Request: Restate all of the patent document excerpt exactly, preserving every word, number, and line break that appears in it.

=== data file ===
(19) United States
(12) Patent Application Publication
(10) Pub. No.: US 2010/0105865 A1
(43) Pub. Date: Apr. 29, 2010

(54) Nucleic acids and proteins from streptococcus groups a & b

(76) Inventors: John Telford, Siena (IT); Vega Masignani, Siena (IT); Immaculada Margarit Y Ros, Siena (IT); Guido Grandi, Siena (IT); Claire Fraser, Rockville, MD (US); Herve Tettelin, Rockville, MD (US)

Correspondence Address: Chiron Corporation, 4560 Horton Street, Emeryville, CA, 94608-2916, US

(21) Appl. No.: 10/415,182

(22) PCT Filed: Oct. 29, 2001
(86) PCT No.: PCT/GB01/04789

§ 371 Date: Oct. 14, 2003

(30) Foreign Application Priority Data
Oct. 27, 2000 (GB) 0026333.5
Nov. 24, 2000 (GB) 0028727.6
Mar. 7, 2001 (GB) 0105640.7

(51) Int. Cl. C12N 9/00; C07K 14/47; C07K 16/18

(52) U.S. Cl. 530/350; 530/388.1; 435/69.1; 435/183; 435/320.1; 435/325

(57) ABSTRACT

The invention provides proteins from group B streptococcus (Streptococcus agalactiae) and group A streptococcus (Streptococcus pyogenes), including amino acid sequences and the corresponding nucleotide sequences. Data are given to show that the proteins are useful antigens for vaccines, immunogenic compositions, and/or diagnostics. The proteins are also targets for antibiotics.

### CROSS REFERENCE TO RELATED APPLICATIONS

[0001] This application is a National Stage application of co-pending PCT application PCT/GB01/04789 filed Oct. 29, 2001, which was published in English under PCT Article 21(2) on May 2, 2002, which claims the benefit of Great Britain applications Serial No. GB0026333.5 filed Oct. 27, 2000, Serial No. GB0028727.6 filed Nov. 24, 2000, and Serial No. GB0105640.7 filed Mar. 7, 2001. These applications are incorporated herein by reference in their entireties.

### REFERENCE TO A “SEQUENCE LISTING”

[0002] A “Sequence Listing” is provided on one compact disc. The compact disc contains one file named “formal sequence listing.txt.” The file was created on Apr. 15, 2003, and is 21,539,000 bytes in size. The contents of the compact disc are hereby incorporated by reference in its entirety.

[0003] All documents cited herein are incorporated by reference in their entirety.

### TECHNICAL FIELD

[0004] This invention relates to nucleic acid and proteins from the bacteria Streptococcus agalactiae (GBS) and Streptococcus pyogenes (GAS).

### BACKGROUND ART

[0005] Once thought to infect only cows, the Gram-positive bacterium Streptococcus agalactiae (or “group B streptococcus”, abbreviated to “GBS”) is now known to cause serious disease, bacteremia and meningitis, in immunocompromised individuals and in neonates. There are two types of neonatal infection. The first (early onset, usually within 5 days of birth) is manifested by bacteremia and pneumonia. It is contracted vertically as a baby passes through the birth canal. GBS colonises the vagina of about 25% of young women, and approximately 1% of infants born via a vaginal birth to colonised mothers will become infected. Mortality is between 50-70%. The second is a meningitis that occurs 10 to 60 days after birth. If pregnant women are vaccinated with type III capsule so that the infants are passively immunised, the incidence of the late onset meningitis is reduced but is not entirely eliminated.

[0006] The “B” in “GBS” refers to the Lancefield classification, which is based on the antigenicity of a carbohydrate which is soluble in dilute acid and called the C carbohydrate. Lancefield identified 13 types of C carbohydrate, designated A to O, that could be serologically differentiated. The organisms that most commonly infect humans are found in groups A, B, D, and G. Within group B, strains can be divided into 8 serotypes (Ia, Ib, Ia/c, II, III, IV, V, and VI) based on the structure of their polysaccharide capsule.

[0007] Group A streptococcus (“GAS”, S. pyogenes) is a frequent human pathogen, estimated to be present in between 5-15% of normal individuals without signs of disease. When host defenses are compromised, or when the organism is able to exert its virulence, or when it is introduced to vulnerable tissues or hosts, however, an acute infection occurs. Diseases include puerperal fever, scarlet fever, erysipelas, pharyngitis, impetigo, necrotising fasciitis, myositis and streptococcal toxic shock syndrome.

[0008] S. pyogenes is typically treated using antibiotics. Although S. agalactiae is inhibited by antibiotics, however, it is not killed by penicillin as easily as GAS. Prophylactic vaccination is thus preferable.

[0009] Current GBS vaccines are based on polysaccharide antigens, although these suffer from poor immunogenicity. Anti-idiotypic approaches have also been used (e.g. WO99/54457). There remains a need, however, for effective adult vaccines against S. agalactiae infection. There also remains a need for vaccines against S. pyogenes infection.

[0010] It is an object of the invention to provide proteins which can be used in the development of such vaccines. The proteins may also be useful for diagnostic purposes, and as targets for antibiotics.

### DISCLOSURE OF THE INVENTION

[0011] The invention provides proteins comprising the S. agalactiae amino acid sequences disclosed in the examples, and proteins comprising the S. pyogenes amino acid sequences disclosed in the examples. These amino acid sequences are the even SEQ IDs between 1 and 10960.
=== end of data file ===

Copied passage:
(19) United States
(12) Patent Application Publication
(10) Pub. No.: US 2010/0105865 A1
(43) Pub. Date: Apr. 29, 2010

(54) Nucleic acids and proteins from streptococcus groups a & b

(76) Inventors: John Telford, Siena (IT); Vega Masignani, Siena (IT); Immaculada Margarit Y Ros, Siena (IT); Guido Grandi, Siena (IT); Claire Fraser, Rockville, MD (US); Herve Tettelin, Rockville, MD (US)

Correspondence Address: Chiron Corporation, 4560 Horton Street, Emeryville, CA, 94608-2916, US

(21) Appl. No.: 10/415,182

(22) PCT Filed: Oct. 29, 2001
(86) PCT No.: PCT/GB01/04789

§ 371 Date: Oct. 14, 2003

(30) Foreign Application Priority Data
Oct. 27, 2000 (GB) 0026333.5
Nov. 24, 2000 (GB) 0028727.6
Mar. 7, 2001 (GB) 0105640.7

(51) Int. Cl. C12N 9/00; C07K 14/47; C07K 16/18

(52) U.S. Cl. 530/350; 530/388.1; 435/69.1; 435/183; 435/320.1; 435/325

(57) ABSTRACT

The invention provides proteins from group B streptococcus (Streptococcus agalactiae) and group A streptococcus (Streptococcus pyogenes), including amino acid sequences and the corresponding nucleotide sequences. Data are given to show that the proteins are useful antigens for vaccines, immunogenic compositions, and/or diagnostics. The proteins are also targets for antibiotics.

### CROSS REFERENCE TO RELATED APPLICATIONS

[0001] This application is a National Stage application of co-pending PCT application PCT/GB01/04789 filed Oct. 29, 2001, which was published in English under PCT Article 21(2) on May 2, 2002, which claims the benefit of Great Britain applications Serial No. GB0026333.5 filed Oct. 27, 2000, Serial No. GB0028727.6 filed Nov. 24, 2000, and Serial No. GB0105640.7 filed Mar. 7, 2001. These applications are incorporated herein by reference in their entireties.

### REFERENCE TO A “SEQUENCE LISTING”

[0002] A “Sequence Listing” is provided on one compact disc. The compact disc contains one file named “formal sequence listing.txt.” The file was created on Apr. 15, 2003, and is 21,539,000 bytes in size. The contents of the compact disc are hereby incorporated by reference in its entirety.

[0003] All documents cited herein are incorporated by reference in their entirety.

### TECHNICAL FIELD

[0004] This invention relates to nucleic acid and proteins from the bacteria Streptococcus agalactiae (GBS) and Streptococcus pyogenes (GAS).

### BACKGROUND ART

[0005] Once thought to infect only cows, the Gram-positive bacterium Streptococcus agalactiae (or “group B streptococcus”, abbreviated to “GBS”) is now known to cause serious disease, bacteremia and meningitis, in immunocompromised individuals and in neonates. There are two types of neonatal infection. The first (early onset, usually within 5 days of birth) is manifested by bacteremia and pneumonia. It is contracted vertically as a baby passes through the birth canal. GBS colonises the vagina of about 25% of young women, and approximately 1% of infants born via a vaginal birth to colonised mothers will become infected. Mortality is between 50-70%. The second is a meningitis that occurs 10 to 60 days after birth. If pregnant women are vaccinated with type III capsule so that the infants are passively immunised, the incidence of the late onset meningitis is reduced but is not entirely eliminated.

[0006] The “B” in “GBS” refers to the Lancefield classification, which is based on the antigenicity of a carbohydrate which is soluble in dilute acid and called the C carbohydrate. Lancefield identified 13 types of C carbohydrate, designated A to O, that could be serologically differentiated. The organisms that most commonly infect humans are found in groups A, B, D, and G. Within group B, strains can be divided into 8 serotypes (Ia, Ib, Ia/c, II, III, IV, V, and VI) based on the structure of their polysaccharide capsule.

[0007] Group A streptococcus (“GAS”, S. pyogenes) is a frequent human pathogen, estimated to be present in between 5-15% of normal individuals without signs of disease. When host defenses are compromised, or when the organism is able to exert its virulence, or when it is introduced to vulnerable tissues or hosts, however, an acute infection occurs. Diseases include puerperal fever, scarlet fever, erysipelas, pharyngitis, impetigo, necrotising fasciitis, myositis and streptococcal toxic shock syndrome.

[0008] S. pyogenes is typically treated using antibiotics. Although S. agalactiae is inhibited by antibiotics, however, it is not killed by penicillin as easily as GAS. Prophylactic vaccination is thus preferable.

[0009] Current GBS vaccines are based on polysaccharide antigens, although these suffer from poor immunogenicity. Anti-idiotypic approaches have also been used (e.g. WO99/54457). There remains a need, however, for effective adult vaccines against S. agalactiae infection. There also remains a need for vaccines against S. pyogenes infection.

[0010] It is an object of the invention to provide proteins which can be used in the development of such vaccines. The proteins may also be useful for diagnostic purposes, and as targets for antibiotics.

### DISCLOSURE OF THE INVENTION

[0011] The invention provides proteins comprising the S. agalactiae amino acid sequences disclosed in the examples, and proteins comprising the S. pyogenes amino acid sequences disclosed in the examples. These amino acid sequences are the even SEQ IDs between 1 and 10960.